• Concrete may make up to a proportion of the loads and may arise as:
      • Sprayed Concrete Lining (SCL), permitted if <150mm in any one dimension
      • Lumps of concrete, permitted if <150mm in any one dimension
    • Primary or recycled aggregates used in constructing diaphragm walling <150mm.
    Additives that require additional approval

    The use of additives such as foams, lubricants and polymers are subject to an EA permitting process based on a Water Risk Assessment. The Water Risk Assessment has to do two things:

    • Assess the use of additives in-situ for risk to groundwater during tunnelling; and
    • Assess the use of additives based on the destination and water environment/receptors at Wallasea.

    Where contractors are mixing additives with waste after excavation process to better manage subsequent materials handling, these additives also need a water risk assessment for Wallasea. An example would be the use of flocculants in drilling fluids used to assist in the separation of solid arisings from liquids.

    Disposal sites other than Wallasea Island

    Crossrail has an undertaking to the UK Government to make beneficial reuse of the excavated material from the construction of the tunnels and stations. The Crossrail excavated material strategy is to send material to Wallasea Island. As set out in the first part of this paper this is not always possible and in some cases material has to be sent to alternative disposal sites. Crossrail continues to meet or exceed its targets for beneficial reuse or recycling of waste and excavated material with current rates reporting 99% of clean excavated material being beneficially reused against a target of 95%.

    Examples of beneficial reuse could include engineering uses such as capping and lining landfills, creating wildlife reserves or farmland, land raising and recreational land creation (e.g. a golf course). Any non-Wallasea Island waste destination site used by Crossrail must have an appropriate Environmental Permit and be able to demonstrate that the material will be beneficially reused.


    [1] Società Italiana Gallerie Convegno “ Terre e rocce da scavo nelle Opere in Sotterraneo: Un problema o una Opportunità? “ Samoter 2014 – VeronaFiere (VR) 8 – 9 Maggio 2014

    [2] The International Maritime Solid Bulk Cargoes Code (2011)

    [3] The Landfill Directive (Directive 1999/31/EC)

    [4] The Waste Framework Directive (Directive 2008/98/EC)

    [5] EU Council Decision 2003/33/EC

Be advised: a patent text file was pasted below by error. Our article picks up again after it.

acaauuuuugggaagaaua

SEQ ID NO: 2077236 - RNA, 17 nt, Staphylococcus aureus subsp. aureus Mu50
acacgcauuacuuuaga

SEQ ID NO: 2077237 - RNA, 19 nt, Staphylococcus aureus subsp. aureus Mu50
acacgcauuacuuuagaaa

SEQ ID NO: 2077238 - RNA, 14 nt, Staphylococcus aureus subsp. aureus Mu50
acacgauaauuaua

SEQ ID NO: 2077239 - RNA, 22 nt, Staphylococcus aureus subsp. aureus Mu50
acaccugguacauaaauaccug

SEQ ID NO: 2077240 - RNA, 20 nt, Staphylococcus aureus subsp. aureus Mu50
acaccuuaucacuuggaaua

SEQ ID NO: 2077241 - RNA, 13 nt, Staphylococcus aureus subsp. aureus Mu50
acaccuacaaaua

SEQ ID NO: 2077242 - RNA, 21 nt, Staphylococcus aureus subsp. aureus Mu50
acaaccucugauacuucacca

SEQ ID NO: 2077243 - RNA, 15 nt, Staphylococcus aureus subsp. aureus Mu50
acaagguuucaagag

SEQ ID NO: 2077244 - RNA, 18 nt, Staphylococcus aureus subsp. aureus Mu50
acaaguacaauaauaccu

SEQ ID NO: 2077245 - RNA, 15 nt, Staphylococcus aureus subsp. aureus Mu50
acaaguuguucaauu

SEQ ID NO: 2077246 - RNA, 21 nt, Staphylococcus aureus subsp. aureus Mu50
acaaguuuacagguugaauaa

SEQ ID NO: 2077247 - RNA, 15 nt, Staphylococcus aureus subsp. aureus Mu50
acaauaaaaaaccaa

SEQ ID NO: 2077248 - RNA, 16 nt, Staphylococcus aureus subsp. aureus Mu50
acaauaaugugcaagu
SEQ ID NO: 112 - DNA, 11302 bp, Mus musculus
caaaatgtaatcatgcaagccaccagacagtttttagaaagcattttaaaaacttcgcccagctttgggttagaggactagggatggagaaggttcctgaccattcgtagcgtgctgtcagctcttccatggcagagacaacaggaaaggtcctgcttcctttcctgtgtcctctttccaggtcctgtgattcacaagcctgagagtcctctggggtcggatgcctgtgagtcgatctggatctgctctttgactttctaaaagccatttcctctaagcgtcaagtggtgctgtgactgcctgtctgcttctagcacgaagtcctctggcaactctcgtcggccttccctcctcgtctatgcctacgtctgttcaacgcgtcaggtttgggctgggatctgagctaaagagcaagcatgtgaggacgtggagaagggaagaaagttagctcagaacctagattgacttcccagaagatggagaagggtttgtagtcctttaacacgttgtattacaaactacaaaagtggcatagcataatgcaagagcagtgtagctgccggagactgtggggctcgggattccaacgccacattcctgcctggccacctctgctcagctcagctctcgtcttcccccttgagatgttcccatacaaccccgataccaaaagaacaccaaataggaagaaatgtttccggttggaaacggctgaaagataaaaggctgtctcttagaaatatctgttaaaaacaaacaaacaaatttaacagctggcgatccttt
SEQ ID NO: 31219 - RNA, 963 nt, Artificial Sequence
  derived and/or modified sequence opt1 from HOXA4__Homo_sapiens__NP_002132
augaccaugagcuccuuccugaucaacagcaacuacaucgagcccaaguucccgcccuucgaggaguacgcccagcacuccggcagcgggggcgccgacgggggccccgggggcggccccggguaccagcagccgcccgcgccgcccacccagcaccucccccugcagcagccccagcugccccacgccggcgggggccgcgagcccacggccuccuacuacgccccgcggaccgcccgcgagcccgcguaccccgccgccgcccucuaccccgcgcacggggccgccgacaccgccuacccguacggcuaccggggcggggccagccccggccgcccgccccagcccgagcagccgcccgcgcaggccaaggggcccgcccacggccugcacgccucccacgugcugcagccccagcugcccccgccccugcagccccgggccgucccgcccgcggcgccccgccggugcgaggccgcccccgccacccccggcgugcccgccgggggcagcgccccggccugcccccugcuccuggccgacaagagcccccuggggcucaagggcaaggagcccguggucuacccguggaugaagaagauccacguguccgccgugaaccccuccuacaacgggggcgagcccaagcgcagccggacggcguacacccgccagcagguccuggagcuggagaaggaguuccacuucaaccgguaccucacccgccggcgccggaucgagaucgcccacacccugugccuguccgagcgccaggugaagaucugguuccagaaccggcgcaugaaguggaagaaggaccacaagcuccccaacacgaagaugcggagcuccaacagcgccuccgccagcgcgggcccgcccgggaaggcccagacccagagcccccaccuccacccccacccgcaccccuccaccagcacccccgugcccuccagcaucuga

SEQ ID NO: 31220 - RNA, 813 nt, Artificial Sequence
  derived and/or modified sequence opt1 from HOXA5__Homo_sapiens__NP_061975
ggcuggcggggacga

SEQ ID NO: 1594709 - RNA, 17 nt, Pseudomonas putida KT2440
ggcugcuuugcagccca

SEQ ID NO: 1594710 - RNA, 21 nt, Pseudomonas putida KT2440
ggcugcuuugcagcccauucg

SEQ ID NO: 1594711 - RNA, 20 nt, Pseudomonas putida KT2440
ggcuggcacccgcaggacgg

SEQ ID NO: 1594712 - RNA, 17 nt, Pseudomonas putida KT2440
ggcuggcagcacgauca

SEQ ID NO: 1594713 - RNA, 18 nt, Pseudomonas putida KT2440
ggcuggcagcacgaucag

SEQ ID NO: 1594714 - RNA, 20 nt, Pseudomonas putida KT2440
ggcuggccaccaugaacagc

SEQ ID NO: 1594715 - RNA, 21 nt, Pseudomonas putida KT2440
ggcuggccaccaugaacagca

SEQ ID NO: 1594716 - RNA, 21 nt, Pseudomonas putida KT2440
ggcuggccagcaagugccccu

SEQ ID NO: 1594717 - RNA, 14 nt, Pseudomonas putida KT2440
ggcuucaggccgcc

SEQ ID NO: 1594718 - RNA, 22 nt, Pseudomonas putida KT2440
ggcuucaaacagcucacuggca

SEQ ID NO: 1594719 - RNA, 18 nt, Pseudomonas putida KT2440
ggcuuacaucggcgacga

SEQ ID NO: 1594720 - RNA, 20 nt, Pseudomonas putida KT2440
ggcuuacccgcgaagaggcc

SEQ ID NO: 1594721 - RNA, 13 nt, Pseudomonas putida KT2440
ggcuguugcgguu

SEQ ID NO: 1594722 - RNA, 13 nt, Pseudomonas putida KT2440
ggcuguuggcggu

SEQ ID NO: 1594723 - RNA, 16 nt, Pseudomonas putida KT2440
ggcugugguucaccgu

[6] The Environmental Permitting (England and Wales) (Amendment) Regulations 2013

    [7] The Landfill (England and Wales) Regulations 2002 (as amended)

    [8] The Environmental Permitting (England and Wales) (Amendment) Regulations 2013


  • Authors

    Photo of John Davis

    John Davis EurGeol CGeol MSc DIC - Geotechnical Consulting Group

    John was seconded to the Chief Engineers Group within Crossrail from Geotechnical Consulting Group LLP from 2009 until July 2016.

    Within the Chief Engineers Group John was responsible for all Crossrail geotechnical matters east of Farringdon. Whilst at Crossrail John was also closely involved with the production of Geotechnical Baseline Reports for all the major Civils contracts. Prior to Crossrail John spent 20+ years as a geotechnical designer working on a diverse range of structures across the world, these included deep basements, embankments, tunnels, slopes and retaining walls. John was seconded to London Underground for a couple of years in the mid 90’s where he led a research programme on the impact of rising groundwater on the tube network.

    Photo of Lorna Russell

    Lorna Mellings BSc MSc CEnv MIEMA - Crossrail Ltd

    Lorna is the Environmental Assurance Manager at Crossrail. She is responsible for programme wide environmental best practice through various fora such as the Environmental Managers Forum and she is responsible for the promotion of a positive environmental culture throughout Crossrail, through managing and developing the Green Line environmental engagement award scheme. Lorna also provides technical environmental advice to the business, specifically with regards to excavated material, contaminated land and ecology.

    Lorna joined Crossrail in 2008 as a Principal Environmental Planner having previously worked for Carillion on a number of national building projects and the Government’s Aspire Defence Project.